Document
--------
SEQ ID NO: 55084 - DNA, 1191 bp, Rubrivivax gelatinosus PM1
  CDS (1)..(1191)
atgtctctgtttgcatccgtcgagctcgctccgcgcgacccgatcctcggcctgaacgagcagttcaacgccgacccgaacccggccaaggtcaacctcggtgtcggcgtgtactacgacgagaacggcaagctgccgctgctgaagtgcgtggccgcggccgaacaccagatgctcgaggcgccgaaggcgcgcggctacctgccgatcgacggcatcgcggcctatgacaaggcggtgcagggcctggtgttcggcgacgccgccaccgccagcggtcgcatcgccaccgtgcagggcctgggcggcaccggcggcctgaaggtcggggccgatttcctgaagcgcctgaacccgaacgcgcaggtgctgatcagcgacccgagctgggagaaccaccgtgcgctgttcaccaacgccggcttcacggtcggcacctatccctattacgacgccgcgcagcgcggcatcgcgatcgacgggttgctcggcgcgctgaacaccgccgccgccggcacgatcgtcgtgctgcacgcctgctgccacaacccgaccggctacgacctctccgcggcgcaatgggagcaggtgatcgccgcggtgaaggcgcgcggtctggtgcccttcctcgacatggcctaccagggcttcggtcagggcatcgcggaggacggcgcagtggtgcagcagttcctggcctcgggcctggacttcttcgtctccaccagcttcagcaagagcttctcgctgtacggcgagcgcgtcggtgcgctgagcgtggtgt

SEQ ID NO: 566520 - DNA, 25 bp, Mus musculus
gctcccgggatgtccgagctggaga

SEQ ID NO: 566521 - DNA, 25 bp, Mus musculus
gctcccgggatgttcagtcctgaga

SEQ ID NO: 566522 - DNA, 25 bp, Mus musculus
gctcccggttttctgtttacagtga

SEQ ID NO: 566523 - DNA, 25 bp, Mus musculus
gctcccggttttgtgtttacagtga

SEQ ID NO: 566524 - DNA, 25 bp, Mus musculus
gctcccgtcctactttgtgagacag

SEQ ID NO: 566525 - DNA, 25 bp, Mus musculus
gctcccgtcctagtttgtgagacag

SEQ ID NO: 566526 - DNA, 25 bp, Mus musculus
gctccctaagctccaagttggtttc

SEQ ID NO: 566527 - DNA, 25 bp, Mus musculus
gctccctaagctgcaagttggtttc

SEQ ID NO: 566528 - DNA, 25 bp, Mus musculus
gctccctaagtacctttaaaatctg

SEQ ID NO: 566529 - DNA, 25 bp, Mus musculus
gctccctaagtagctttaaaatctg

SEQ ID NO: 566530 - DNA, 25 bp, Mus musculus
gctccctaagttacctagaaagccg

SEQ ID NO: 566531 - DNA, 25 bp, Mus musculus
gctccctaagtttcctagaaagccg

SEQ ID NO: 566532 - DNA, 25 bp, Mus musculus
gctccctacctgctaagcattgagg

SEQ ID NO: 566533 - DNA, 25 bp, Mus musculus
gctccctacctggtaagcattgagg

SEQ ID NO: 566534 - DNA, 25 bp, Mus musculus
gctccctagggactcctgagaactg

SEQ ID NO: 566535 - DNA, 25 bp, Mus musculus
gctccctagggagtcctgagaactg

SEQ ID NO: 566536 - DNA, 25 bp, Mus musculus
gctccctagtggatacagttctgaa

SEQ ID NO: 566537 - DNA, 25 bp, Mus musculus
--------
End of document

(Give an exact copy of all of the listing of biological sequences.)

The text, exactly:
SEQ ID NO: 55084 - DNA, 1191 bp, Rubrivivax gelatinosus PM1
  CDS (1)..(1191)
atgtctctgtttgcatccgtcgagctcgctccgcgcgacccgatcctcggcctgaacgagcagttcaacgccgacccgaacccggccaaggtcaacctcggtgtcggcgtgtactacgacgagaacggcaagctgccgctgctgaagtgcgtggccgcggccgaacaccagatgctcgaggcgccgaaggcgcgcggctacctgccgatcgacggcatcgcggcctatgacaaggcggtgcagggcctggtgttcggcgacgccgccaccgccagcggtcgcatcgccaccgtgcagggcctgggcggcaccggcggcctgaaggtcggggccgatttcctgaagcgcctgaacccgaacgcgcaggtgctgatcagcgacccgagctgggagaaccaccgtgcgctgttcaccaacgccggcttcacggtcggcacctatccctattacgacgccgcgcagcgcggcatcgcgatcgacgggttgctcggcgcgctgaacaccgccgccgccggcacgatcgtcgtgctgcacgcctgctgccacaacccgaccggctacgacctctccgcggcgcaatgggagcaggtgatcgccgcggtgaaggcgcgcggtctggtgcccttcctcgacatggcctaccagggcttcggtcagggcatcgcggaggacggcgcagtggtgcagcagttcctggcctcgggcctggacttcttcgtctccaccagcttcagcaagagcttctcgctgtacggcgagcgcgtcggtgcgctgagcgtggtgt

SEQ ID NO: 566520 - DNA, 25 bp, Mus musculus
gctcccgggatgtccgagctggaga

SEQ ID NO: 566521 - DNA, 25 bp, Mus musculus
gctcccgggatgttcagtcctgaga

SEQ ID NO: 566522 - DNA, 25 bp, Mus musculus
gctcccggttttctgtttacagtga

SEQ ID NO: 566523 - DNA, 25 bp, Mus musculus
gctcccggttttgtgtttacagtga

SEQ ID NO: 566524 - DNA, 25 bp, Mus musculus
gctcccgtcctactttgtgagacag

SEQ ID NO: 566525 - DNA, 25 bp, Mus musculus
gctcccgtcctagtttgtgagacag

SEQ ID NO: 566526 - DNA, 25 bp, Mus musculus
gctccctaagctccaagttggtttc

SEQ ID NO: 566527 - DNA, 25 bp, Mus musculus
gctccctaagctgcaagttggtttc

SEQ ID NO: 566528 - DNA, 25 bp, Mus musculus
gctccctaagtacctttaaaatctg

SEQ ID NO: 566529 - DNA, 25 bp, Mus musculus
gctccctaagtagctttaaaatctg

SEQ ID NO: 566530 - DNA, 25 bp, Mus musculus
gctccctaagttacctagaaagccg

SEQ ID NO: 566531 - DNA, 25 bp, Mus musculus
gctccctaagtttcctagaaagccg

SEQ ID NO: 566532 - DNA, 25 bp, Mus musculus
gctccctacctgctaagcattgagg

SEQ ID NO: 566533 - DNA, 25 bp, Mus musculus
gctccctacctggtaagcattgagg

SEQ ID NO: 566534 - DNA, 25 bp, Mus musculus
gctccctagggactcctgagaactg

SEQ ID NO: 566535 - DNA, 25 bp, Mus musculus
gctccctagggagtcctgagaactg

SEQ ID NO: 566536 - DNA, 25 bp, Mus musculus
gctccctagtggatacagttctgaa

SEQ ID NO: 566537 - DNA, 25 bp, Mus musculus